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Legs Feldman
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The humorous satire centers around the misfortunes of Zelman Feldman, born with oversized legs and a passion for dance. In this eccentric social satire, set in the early twentieth century in a fictious Republic, Zelman Feldman is born with immense legs. To share this extraordinary discovery with the Republic’s scientific community, his pediatrician convenes a symposium soon after Zelman’s delivery. Zoologists and other scientific luminaries are mesmerized by the size of the limbs.

Front page articles about the “Feldman Phenomenon” appear in newspapers of every political stripe.

Thus begins Zelman’s comical journey as a person whom society views as an oddity. Among the colorful characters he encounters over the years are unscrupulous distant relatives, a shady freak show barker, a sensuous former prima ballerina, and a womanizing business mogul. The odyssey climaxes in a bizarre trial that will decide his future. What will the verdict be? More important, can he find happiness despite his physical anomaly? This witty novel about society’s prejudices and other flaws answers these questions and offers insights into the imperfect human condition.

©2024 by Jere Krakoff 

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The Chameleon Shuffle

Leonard Zweig is a brilliant but highly impressionable person who was simultaneously indoctrinated as a child by his mother (a devout liberal lawyer) and father (an orthodox conservative attorney) in their respective legal philosophies.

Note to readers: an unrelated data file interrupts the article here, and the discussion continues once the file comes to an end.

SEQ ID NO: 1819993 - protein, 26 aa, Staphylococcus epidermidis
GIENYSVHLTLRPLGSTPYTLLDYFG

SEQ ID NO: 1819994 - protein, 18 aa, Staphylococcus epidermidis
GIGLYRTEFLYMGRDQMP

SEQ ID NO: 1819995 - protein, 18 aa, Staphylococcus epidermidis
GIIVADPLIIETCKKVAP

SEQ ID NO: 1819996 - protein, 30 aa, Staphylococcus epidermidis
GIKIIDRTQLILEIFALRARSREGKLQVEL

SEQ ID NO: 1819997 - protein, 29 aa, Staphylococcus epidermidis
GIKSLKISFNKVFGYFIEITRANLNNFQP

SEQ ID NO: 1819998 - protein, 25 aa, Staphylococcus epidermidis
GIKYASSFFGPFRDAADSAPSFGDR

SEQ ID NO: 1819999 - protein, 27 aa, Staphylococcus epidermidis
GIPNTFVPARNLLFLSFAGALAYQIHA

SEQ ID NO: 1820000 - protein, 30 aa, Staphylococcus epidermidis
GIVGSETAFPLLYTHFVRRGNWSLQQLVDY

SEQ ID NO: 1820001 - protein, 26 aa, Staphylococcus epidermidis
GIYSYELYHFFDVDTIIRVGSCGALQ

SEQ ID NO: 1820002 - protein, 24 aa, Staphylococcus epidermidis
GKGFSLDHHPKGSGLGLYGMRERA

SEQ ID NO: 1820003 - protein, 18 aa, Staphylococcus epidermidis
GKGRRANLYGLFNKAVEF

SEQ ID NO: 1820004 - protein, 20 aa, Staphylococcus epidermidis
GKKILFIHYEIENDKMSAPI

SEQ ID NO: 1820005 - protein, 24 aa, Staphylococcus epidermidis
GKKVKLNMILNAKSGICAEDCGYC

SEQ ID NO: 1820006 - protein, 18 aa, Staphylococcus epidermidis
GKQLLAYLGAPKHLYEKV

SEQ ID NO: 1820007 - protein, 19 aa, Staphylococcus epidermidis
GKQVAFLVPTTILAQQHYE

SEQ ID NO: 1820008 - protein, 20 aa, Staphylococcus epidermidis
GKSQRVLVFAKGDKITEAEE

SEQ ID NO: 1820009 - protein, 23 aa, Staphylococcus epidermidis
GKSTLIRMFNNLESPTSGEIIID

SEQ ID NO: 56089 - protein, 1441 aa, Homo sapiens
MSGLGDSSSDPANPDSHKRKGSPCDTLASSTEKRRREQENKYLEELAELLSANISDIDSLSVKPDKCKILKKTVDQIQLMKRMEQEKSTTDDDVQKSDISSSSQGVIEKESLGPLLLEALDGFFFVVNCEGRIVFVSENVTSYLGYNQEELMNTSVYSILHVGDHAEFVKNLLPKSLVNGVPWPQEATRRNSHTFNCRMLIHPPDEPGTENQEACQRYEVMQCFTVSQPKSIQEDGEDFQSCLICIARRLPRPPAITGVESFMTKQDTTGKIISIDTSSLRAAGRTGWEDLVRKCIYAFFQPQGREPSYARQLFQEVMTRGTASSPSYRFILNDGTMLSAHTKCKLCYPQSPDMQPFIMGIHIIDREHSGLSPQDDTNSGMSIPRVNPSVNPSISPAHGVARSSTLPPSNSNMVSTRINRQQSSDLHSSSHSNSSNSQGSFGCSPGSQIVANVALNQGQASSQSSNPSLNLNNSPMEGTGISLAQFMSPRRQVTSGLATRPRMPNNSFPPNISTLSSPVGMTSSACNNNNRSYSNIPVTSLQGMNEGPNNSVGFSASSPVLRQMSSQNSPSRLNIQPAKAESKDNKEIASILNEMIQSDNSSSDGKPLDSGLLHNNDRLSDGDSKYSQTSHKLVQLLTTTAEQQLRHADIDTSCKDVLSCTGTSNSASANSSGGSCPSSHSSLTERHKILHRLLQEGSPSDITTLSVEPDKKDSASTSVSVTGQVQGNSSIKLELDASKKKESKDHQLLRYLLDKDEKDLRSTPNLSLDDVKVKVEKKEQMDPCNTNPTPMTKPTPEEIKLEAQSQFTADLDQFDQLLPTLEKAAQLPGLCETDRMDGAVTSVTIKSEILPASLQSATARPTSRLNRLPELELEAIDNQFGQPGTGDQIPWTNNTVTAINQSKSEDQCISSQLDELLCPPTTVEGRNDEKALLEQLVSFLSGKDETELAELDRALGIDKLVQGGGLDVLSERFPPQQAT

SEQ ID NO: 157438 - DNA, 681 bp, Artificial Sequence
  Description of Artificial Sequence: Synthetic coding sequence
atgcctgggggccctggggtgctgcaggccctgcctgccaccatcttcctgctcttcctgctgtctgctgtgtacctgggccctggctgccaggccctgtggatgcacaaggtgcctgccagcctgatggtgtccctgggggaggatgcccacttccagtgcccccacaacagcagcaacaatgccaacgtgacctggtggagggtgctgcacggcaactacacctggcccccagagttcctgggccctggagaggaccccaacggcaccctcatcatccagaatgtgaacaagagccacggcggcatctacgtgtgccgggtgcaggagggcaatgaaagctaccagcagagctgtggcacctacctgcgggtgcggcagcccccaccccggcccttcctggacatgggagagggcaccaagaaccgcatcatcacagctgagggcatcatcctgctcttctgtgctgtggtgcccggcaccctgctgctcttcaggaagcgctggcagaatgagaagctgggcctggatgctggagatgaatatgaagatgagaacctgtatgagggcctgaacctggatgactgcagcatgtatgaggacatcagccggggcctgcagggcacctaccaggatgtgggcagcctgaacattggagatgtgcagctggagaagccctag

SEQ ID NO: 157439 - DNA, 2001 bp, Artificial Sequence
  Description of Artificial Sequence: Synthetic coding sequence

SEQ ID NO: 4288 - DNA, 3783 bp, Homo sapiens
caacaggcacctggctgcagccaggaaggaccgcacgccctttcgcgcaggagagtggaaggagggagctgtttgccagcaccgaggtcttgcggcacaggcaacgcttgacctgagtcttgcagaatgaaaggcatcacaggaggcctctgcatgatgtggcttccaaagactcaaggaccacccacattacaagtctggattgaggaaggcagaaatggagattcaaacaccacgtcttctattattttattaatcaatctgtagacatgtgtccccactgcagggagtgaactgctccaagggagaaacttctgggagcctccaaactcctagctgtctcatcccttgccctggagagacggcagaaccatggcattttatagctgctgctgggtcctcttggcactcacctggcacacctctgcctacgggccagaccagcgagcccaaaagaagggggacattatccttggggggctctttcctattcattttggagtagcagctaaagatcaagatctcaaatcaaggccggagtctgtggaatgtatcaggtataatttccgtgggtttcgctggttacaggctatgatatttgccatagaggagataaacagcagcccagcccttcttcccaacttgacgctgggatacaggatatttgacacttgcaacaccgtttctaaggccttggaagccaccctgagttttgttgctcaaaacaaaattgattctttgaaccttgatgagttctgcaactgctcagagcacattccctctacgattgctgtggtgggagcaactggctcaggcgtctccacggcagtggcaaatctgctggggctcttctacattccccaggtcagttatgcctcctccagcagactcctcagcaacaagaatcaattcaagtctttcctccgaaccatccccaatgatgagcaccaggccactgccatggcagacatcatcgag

The simultaneous indoctrinations caused Leonard to become a Hybrid, a previously unknown psychological condition that caused him to involuntarily oscillate between philosophies.

The novel raises many profound questions. Is Hybridism curable? If not, will Leonard be psychologically fit to attend and graduate from a legal seminary? Assuming he graduates, will he choose to practice in his liberal mother’s small public interest firm; his father’s large corporate firm; or elsewhere. And will he become a local judge despite his disability … or even a High Court Justice?

This satirical novel hilariously exposes our current political climate, judicial system, and leaders.

©2020 by Jere Krakoff



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Something Is Rotten in Fettig

Something Is Rotten in Fettig humorously satirizes a fictitious Republic’s legal system that is similar to ours. Through a cast of idiosyncratic characters, it lampoons judges, juries, attorneys, and trials.

Leopold Plotkin, a kosher butcher with a pathological aversion to conflict inadvertently ignites a crisis in the Republic that propels him into a conflict with every branch of government. He is indicted, arrested, and consigned to the notorious Purgatory House of Detention to await trial. Soon, he is prosecuted by the Republic’s ethically challenged Prosecutor General, tried before a habitually pro-prosecution judge, subjected to a feckless jury that is convinced of his guilt before the trial begins, and defended by a reclusive lawyer who has never been inside a courtroom. The butcher’s only witness is an emotionally unhinged former art curator who has resided in the Warehouse for the Purportedly Insane since burning a collection of museum paintings that didn’t meet his aesthetic standards.


Nobody, including Plotkin, expects an acquittal. "Will he prevail?" is the novel’s central question. 

©2016 by Jere Krakoff

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